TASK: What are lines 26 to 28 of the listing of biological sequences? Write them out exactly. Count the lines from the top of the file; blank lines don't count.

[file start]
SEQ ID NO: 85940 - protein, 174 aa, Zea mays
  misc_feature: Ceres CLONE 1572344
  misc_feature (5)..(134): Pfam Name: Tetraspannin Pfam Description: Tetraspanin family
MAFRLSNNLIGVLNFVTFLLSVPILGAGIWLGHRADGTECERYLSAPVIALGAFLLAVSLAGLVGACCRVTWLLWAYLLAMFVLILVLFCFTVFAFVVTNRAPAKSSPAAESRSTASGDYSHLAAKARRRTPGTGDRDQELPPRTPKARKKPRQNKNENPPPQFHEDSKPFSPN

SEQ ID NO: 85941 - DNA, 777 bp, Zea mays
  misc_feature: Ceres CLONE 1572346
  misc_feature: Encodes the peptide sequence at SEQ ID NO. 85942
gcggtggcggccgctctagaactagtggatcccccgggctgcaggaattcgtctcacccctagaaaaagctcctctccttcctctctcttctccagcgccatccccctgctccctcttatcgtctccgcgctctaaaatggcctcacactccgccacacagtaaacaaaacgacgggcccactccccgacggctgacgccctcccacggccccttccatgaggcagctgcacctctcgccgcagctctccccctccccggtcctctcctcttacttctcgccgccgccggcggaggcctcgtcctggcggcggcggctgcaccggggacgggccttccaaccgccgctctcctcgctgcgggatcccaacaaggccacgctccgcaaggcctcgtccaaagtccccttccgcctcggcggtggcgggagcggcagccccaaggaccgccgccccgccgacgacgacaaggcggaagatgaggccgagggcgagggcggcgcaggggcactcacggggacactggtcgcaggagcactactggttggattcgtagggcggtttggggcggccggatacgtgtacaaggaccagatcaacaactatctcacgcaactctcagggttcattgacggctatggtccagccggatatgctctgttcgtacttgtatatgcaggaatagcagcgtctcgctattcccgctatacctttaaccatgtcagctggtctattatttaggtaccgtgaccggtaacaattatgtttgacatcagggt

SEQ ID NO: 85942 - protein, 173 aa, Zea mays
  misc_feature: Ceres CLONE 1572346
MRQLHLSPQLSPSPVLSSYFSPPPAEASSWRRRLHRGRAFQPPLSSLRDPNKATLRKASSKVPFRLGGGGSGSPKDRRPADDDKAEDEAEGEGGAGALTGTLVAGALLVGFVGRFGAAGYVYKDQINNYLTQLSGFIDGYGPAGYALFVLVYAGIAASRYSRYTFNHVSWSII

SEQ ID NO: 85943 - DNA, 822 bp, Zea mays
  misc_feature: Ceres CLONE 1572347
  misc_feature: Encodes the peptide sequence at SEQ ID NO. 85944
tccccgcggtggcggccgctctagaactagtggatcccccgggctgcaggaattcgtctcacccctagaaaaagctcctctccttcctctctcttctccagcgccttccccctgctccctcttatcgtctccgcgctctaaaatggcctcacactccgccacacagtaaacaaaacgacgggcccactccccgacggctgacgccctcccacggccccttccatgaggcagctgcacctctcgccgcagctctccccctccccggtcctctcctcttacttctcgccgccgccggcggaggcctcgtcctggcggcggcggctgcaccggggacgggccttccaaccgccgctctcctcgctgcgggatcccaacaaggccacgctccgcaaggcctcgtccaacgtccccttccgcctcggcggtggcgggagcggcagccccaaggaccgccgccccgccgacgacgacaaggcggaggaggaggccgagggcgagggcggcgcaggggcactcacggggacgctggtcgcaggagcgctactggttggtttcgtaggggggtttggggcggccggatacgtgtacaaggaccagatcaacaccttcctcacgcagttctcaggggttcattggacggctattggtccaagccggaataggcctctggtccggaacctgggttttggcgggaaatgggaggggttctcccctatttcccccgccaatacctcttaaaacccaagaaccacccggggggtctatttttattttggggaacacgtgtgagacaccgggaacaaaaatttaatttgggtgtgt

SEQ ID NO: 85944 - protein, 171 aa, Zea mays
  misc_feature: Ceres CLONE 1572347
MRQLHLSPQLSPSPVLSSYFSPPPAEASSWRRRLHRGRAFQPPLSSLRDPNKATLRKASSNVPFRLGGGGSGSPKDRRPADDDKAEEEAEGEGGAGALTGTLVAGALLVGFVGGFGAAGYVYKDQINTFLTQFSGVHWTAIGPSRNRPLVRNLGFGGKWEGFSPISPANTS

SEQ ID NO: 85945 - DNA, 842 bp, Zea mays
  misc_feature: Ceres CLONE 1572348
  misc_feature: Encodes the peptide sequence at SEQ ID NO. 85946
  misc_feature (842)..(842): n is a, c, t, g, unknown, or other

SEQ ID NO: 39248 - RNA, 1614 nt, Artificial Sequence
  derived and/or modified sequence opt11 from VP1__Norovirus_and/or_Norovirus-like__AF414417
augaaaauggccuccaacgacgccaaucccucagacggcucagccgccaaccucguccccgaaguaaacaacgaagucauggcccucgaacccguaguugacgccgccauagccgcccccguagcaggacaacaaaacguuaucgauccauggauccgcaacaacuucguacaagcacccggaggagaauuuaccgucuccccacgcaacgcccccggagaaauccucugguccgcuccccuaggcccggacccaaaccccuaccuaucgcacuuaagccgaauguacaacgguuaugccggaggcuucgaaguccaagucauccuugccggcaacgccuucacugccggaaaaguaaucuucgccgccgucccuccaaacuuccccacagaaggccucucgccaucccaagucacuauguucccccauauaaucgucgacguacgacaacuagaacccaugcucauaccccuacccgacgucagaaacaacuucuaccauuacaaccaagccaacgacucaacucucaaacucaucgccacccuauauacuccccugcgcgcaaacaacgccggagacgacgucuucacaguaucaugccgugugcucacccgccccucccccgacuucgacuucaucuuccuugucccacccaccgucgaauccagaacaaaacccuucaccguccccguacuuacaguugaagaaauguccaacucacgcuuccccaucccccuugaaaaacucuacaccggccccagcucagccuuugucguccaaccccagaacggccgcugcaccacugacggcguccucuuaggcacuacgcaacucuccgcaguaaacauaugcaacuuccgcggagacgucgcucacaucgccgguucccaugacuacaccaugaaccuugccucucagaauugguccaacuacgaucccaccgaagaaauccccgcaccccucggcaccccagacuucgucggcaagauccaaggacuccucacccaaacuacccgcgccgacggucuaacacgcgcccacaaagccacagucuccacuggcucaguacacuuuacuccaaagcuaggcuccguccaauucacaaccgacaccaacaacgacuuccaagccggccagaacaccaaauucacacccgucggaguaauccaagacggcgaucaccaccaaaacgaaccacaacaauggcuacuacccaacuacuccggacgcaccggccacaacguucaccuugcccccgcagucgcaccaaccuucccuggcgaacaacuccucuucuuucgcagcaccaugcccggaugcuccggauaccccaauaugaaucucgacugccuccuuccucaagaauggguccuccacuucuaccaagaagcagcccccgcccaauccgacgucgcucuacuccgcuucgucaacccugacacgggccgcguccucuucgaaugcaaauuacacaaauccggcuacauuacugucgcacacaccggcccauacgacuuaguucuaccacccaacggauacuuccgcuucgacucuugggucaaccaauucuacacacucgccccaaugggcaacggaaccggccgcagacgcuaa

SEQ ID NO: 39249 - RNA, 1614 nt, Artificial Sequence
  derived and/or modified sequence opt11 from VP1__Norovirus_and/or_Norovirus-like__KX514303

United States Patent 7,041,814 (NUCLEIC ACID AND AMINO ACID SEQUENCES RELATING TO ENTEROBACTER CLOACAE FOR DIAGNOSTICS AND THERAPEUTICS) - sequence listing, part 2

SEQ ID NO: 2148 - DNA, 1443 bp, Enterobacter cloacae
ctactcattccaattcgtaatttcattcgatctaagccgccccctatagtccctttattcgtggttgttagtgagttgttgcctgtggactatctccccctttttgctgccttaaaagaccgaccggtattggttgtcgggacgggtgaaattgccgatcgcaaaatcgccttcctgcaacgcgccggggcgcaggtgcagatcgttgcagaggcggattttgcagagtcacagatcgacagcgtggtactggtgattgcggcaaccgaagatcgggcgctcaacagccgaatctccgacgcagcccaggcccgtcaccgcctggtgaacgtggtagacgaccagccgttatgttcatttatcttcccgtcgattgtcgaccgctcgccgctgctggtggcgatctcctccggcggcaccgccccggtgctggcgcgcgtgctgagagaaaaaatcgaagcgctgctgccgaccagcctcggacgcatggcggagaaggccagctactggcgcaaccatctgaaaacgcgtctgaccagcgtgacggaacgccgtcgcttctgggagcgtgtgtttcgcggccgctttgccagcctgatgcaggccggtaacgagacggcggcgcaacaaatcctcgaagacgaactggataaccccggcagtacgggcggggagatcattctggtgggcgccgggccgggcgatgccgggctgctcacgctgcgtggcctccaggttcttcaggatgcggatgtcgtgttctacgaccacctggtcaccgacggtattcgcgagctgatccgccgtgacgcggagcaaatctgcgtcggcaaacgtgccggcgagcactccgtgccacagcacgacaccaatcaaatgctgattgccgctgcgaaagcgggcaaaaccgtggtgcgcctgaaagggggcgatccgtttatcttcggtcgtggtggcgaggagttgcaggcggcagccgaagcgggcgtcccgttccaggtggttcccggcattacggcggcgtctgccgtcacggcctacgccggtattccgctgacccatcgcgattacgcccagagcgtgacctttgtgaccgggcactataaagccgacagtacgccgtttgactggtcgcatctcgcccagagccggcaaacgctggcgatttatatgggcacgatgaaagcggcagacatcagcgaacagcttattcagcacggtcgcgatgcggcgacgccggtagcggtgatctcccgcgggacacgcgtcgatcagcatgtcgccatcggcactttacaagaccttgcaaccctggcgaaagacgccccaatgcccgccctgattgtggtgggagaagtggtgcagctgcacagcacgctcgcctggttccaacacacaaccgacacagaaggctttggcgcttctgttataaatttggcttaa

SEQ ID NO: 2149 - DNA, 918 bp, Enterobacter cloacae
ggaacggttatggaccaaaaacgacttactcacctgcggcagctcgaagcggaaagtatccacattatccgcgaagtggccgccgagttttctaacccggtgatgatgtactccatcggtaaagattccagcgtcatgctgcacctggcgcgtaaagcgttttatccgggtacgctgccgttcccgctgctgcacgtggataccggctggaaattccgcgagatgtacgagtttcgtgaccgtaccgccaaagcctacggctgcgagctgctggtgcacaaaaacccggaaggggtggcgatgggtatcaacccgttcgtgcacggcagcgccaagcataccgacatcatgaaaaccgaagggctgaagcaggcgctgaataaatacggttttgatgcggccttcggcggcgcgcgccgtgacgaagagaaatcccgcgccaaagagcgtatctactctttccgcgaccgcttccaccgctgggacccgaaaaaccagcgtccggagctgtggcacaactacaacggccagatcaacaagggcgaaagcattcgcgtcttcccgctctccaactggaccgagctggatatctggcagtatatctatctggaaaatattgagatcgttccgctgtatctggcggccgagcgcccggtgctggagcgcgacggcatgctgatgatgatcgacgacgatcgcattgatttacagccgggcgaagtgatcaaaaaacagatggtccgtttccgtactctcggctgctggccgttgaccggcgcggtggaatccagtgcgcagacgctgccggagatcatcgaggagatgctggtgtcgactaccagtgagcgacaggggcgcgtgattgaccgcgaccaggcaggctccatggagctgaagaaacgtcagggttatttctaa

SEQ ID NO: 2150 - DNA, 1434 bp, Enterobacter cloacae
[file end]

SEQ ID NO: 39249 - RNA, 1614 nt, Artificial Sequence
  derived and/or modified sequence opt11 from VP1__Norovirus_and/or_Norovirus-like__KX514303

United States Patent 7,041,814 (NUCLEIC ACID AND AMINO ACID SEQUENCES RELATING TO ENTEROBACTER CLOACAE FOR DIAGNOSTICS AND THERAPEUTICS) - sequence listing, part 2